North Carolina has gone from starting the season at No. 1 to missing the NCAA Tournament.
On Sunday, the Tar Heels officially became the first top-ranked team in the Associated Press preseason poll to miss March Madness since the field expanded to 64 teams in 1985.
The Tar Heels (20-13) return four starters from a team that made a magical run to the NCAA title game last March with Hubert Davis, who was in his first season replacing retired Hall of Famer Fame Roy Williams. The highlight was beating Duke in the Final Four and sending Hall of Fame coach Mike Krzyzewski into retirement in the first NCAA Tournament meeting between the storied rivals.
However, little was planned in a season of unfulfilled expectations, until being listed as one of the top four teams out of the field.
The Tar Heels were one of the worst 3-point shooting teams in program history, and that allowed defenders to drop inside AP All-ACC Armando Bacot and take out the driving lanes while challenging them to make outside shots. They also had an uncanny knack for not closing out tight games or making simple mistakes that proved critical as the longer games wore on.
The combination first knocked them out of the AP Top 25 for good before the start of 2023, then made an unthinkable Selection Sunday result a reality.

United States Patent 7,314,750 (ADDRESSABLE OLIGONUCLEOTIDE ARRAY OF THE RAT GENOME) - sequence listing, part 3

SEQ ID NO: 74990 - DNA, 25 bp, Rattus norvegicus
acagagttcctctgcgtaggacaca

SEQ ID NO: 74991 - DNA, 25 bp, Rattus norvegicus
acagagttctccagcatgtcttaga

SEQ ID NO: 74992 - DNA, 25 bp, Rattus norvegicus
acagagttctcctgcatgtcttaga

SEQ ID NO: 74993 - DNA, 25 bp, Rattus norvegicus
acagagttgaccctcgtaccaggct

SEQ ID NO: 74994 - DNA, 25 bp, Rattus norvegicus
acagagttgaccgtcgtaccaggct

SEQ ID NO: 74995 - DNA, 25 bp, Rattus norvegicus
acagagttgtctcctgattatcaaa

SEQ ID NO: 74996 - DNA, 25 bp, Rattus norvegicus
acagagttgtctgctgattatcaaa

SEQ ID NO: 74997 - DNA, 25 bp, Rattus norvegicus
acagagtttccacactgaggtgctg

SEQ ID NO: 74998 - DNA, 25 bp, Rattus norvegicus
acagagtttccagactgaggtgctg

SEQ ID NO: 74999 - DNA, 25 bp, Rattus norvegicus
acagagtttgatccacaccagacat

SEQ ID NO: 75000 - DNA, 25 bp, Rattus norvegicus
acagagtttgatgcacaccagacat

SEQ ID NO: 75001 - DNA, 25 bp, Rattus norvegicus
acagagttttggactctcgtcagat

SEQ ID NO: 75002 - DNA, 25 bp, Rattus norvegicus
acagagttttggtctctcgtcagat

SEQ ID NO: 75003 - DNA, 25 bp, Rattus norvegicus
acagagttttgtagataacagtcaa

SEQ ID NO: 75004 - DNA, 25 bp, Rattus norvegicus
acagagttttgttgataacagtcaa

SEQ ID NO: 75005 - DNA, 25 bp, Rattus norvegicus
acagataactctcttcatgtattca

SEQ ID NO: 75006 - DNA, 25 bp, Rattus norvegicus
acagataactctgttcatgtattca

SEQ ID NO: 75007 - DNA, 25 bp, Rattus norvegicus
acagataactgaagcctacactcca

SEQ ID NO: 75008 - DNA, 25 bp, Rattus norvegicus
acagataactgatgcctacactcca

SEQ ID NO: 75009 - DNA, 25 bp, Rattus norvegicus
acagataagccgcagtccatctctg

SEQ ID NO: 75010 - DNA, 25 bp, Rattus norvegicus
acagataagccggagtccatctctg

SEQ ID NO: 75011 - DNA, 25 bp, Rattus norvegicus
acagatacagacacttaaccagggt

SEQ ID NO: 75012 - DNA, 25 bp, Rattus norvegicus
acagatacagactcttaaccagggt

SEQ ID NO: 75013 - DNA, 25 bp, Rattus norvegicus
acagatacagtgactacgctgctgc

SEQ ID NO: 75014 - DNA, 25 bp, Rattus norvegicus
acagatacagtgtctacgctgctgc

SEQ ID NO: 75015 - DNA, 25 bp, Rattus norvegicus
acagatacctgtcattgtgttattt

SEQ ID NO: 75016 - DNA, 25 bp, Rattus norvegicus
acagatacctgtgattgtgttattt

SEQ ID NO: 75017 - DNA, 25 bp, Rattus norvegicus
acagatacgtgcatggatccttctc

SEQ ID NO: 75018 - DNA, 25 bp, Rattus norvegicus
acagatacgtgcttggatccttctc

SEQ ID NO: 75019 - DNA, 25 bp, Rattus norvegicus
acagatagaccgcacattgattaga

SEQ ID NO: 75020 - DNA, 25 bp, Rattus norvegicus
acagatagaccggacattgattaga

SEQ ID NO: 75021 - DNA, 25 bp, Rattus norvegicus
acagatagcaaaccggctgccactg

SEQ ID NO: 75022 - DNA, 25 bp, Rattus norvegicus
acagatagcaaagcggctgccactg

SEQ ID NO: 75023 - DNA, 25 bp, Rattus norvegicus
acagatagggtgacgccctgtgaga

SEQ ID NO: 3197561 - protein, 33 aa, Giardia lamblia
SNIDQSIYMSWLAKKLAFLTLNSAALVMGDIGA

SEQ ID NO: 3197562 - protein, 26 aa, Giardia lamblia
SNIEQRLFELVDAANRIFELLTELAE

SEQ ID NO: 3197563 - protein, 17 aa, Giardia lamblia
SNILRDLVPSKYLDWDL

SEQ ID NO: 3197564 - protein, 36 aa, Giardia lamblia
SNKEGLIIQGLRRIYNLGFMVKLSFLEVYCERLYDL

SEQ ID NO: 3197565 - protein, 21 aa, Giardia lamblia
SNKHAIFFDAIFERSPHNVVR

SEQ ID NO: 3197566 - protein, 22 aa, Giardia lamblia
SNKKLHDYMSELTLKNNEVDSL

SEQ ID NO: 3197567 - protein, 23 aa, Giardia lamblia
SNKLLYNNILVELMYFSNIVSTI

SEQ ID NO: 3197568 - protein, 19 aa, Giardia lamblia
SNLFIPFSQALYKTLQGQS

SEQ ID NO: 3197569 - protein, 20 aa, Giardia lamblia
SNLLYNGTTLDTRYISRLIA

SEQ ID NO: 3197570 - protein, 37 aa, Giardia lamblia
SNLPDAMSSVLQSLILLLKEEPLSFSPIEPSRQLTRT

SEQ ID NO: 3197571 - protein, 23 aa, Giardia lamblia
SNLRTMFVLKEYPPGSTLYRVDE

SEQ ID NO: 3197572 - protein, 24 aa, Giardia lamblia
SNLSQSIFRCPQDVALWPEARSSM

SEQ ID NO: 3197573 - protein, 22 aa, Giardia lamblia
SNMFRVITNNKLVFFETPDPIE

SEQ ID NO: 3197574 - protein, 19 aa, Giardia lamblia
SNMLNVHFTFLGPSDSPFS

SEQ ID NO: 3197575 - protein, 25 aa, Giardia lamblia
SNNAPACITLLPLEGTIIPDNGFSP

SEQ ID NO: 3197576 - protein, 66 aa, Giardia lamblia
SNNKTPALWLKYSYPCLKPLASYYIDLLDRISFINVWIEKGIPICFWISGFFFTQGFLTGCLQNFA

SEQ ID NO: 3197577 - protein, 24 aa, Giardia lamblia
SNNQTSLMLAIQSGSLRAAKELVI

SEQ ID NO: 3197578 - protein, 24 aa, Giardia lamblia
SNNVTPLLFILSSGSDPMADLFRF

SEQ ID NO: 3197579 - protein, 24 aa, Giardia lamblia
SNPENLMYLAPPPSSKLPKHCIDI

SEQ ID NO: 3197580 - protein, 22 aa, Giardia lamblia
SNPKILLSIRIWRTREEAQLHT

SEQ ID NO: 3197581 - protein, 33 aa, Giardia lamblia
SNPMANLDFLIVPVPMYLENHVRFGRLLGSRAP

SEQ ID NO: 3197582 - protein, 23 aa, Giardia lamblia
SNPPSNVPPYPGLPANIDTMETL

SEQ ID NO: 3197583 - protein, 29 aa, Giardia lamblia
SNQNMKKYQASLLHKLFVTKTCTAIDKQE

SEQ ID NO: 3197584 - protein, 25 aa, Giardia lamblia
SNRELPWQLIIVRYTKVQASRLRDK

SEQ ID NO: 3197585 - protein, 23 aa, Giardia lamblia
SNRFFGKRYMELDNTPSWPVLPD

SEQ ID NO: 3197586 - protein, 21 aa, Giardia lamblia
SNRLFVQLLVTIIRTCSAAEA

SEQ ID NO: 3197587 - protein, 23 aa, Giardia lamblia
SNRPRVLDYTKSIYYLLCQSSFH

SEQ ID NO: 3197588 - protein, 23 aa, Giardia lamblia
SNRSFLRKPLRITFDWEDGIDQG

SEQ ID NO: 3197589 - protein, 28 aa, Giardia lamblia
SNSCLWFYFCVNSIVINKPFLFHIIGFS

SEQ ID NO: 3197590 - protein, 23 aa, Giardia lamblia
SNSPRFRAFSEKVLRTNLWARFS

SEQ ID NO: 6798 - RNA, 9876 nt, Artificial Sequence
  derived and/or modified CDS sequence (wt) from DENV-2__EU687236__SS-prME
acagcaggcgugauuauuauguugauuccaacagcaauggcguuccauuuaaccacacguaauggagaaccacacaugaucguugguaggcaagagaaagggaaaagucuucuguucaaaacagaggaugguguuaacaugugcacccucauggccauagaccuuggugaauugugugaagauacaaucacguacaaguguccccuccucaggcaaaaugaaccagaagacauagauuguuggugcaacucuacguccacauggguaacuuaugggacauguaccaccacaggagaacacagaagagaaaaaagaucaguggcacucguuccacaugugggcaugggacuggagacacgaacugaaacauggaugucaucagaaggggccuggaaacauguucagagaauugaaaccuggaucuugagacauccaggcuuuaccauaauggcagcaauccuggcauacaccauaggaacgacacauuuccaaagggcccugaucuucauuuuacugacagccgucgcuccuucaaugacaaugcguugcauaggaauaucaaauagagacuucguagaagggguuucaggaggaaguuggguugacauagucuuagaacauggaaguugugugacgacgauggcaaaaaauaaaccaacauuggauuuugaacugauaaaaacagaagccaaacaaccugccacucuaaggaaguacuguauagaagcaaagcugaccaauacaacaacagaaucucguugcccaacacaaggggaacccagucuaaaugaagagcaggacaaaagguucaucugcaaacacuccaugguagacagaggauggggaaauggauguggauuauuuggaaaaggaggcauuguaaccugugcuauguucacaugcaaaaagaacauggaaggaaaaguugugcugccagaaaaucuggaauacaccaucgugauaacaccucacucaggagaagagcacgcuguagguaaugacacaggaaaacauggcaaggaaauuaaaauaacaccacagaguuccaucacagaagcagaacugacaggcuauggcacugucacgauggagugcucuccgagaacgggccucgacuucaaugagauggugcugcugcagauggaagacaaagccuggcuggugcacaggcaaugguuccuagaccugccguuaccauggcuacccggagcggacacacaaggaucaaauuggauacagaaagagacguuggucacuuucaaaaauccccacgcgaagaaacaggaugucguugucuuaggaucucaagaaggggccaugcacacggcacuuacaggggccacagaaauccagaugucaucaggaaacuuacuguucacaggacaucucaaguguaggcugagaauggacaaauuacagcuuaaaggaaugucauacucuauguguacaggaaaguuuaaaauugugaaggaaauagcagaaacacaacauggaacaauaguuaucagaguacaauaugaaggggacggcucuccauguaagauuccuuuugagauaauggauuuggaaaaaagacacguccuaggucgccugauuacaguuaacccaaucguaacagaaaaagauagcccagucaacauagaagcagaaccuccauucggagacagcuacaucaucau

“The pressure I think can get to everybody,” Bacot said after a second loss to the Blue Devils in the regular season finale. “I mean, we’re human. I’d definitely say it came into our locker room a little bit.”
[Full bracket: NCAA Men’s Basketball Tournament]
Of the 38 teams ranked No. 1 in the preseason AP since 1985, 18 reached at least the Final Four, and six won the NCAA championship. The Tar Heels were among that group in 2016, losing the title to Villanova on Kris Jenkins’ last-second 3-pointer in Houston, ironically the site of this year’s Final Four. But they returned the following year to claim the title that had eluded them.
This year’s team was trying to become the third in program history to achieve that redemption arc. The other came in 1982, when a team that lost to Isiah Thomas and Indiana came back to beat Patrick Ewing and Georgetown with a roster featuring program greats James Worthy, Sam Perkins and a skinny freshman named Michael Jordan.
However, this year’s Tar Heels couldn’t even get that shot.
They didn’t have bad losses, but they went just 1-9 in Quadrant 1 games which surpasses an NCAA resume. Highlight: There was a four-hour overtime loss in November against eventual No. 1 overall seed Alabama in a game that highlighted both the Tar Heels’ ability to play with nobody, as well as their inability to shut down a quality opponent considering they were leading afterwards. half time in eight of their 13 losses.
The Tar Heels came into the home state Atlantic Coast Conference Tournament in Greensboro knowing they had work to do to bolster their NCAA chances. They beat Boston College, but struggled against No. 13 Virginia’s defense, while Bacot left early with an ankle injury for BC’s win.
By the end of that 68-59 loss, the Tar Heels seemed resigned to Sunday’s result.
“It’s a lot of excitement just to see from last year, the kind of run we had,” guard RJ Davis said. “As you say, looking in from the outside this year, it’s tough. It’s a tough position to be in.”
Report from The Associated Press.
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